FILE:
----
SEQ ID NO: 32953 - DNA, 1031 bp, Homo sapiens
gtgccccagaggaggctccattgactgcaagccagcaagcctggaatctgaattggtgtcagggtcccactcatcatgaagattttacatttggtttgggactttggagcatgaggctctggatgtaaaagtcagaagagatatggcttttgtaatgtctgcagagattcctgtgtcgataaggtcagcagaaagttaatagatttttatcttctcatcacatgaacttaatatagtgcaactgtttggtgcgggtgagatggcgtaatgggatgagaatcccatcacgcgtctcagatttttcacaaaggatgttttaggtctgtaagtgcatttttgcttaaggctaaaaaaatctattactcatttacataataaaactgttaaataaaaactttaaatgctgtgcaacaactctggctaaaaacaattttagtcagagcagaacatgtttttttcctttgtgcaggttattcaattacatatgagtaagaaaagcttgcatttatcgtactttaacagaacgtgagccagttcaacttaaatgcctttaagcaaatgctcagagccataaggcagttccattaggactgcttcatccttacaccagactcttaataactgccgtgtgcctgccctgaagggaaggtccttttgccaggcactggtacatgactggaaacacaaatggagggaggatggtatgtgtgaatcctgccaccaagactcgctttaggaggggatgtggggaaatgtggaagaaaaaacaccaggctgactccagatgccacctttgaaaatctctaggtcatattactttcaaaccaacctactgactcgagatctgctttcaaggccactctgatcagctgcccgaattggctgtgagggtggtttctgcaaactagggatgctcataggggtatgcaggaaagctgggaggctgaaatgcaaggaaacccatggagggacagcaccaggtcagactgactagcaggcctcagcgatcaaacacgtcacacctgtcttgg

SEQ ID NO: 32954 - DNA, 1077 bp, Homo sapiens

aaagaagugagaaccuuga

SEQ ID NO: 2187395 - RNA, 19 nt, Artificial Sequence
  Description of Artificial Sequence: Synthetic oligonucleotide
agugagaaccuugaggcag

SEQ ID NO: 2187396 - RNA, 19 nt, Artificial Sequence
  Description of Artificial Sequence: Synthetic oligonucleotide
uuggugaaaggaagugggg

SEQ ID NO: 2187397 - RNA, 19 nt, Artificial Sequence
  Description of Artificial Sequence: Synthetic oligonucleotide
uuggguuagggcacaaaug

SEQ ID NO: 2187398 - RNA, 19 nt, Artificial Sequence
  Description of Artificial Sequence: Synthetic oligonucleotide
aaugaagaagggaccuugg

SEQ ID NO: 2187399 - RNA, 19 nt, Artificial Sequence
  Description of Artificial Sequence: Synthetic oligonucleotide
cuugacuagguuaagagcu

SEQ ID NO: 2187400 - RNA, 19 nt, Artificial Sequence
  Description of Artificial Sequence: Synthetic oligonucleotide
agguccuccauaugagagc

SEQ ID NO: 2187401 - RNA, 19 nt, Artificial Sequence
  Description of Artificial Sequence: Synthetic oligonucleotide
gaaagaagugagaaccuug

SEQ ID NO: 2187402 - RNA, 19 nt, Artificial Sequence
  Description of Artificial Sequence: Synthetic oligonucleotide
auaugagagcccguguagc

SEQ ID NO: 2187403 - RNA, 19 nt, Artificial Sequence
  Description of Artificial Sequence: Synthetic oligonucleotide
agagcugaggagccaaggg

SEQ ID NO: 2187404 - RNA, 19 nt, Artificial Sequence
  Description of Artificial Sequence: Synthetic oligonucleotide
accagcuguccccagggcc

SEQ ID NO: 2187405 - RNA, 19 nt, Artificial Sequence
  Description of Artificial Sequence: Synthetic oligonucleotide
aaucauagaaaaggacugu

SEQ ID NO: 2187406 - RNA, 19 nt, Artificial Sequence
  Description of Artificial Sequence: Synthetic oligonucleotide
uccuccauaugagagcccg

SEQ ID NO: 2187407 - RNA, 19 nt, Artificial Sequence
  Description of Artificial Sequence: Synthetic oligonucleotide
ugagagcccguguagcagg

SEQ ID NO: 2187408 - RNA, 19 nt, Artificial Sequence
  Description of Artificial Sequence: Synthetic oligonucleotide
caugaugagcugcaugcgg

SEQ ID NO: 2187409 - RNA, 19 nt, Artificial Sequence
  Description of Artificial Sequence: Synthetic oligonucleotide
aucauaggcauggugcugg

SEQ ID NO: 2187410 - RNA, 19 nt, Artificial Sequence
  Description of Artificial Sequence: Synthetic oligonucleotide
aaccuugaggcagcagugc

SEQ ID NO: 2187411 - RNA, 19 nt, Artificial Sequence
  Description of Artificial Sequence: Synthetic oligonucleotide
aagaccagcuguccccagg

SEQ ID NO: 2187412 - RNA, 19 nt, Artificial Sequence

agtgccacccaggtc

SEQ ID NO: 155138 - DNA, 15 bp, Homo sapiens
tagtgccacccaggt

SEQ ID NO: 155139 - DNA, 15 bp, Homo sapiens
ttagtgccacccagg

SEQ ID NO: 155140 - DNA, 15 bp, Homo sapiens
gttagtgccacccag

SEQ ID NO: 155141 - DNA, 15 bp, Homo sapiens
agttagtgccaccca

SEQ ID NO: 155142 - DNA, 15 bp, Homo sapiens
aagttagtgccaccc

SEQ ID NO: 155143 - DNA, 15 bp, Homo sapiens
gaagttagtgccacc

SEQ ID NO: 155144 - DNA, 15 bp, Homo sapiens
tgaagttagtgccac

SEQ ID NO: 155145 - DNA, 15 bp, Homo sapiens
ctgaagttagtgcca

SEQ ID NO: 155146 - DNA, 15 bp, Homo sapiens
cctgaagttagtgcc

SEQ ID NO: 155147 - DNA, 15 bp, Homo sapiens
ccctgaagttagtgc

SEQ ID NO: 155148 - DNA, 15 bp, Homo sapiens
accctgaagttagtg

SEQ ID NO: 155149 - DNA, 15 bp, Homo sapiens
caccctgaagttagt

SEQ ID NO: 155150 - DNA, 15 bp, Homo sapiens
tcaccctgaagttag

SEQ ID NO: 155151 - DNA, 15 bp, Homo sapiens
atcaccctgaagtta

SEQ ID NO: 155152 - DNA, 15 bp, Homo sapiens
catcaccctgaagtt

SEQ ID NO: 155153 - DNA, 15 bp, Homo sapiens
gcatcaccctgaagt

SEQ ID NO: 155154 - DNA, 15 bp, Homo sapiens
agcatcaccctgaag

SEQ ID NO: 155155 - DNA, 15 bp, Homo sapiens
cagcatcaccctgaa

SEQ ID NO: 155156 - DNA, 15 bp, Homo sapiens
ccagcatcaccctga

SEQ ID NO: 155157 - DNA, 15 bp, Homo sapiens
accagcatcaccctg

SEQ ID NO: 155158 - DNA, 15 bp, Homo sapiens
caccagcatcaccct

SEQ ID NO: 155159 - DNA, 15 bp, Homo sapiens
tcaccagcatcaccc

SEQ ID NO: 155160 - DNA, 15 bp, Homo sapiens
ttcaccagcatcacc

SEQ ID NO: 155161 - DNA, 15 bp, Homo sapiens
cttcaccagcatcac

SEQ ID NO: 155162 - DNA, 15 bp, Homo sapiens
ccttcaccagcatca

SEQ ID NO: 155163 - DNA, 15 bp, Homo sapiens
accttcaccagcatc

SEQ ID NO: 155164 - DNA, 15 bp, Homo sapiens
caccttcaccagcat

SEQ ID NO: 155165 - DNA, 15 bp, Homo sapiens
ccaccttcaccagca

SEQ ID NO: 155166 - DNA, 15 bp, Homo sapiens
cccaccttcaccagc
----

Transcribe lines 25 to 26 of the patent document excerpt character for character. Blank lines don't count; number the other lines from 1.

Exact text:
gaaagaagugagaaccuug

SEQ ID NO: 2187402 - RNA, 19 nt, Artificial Sequence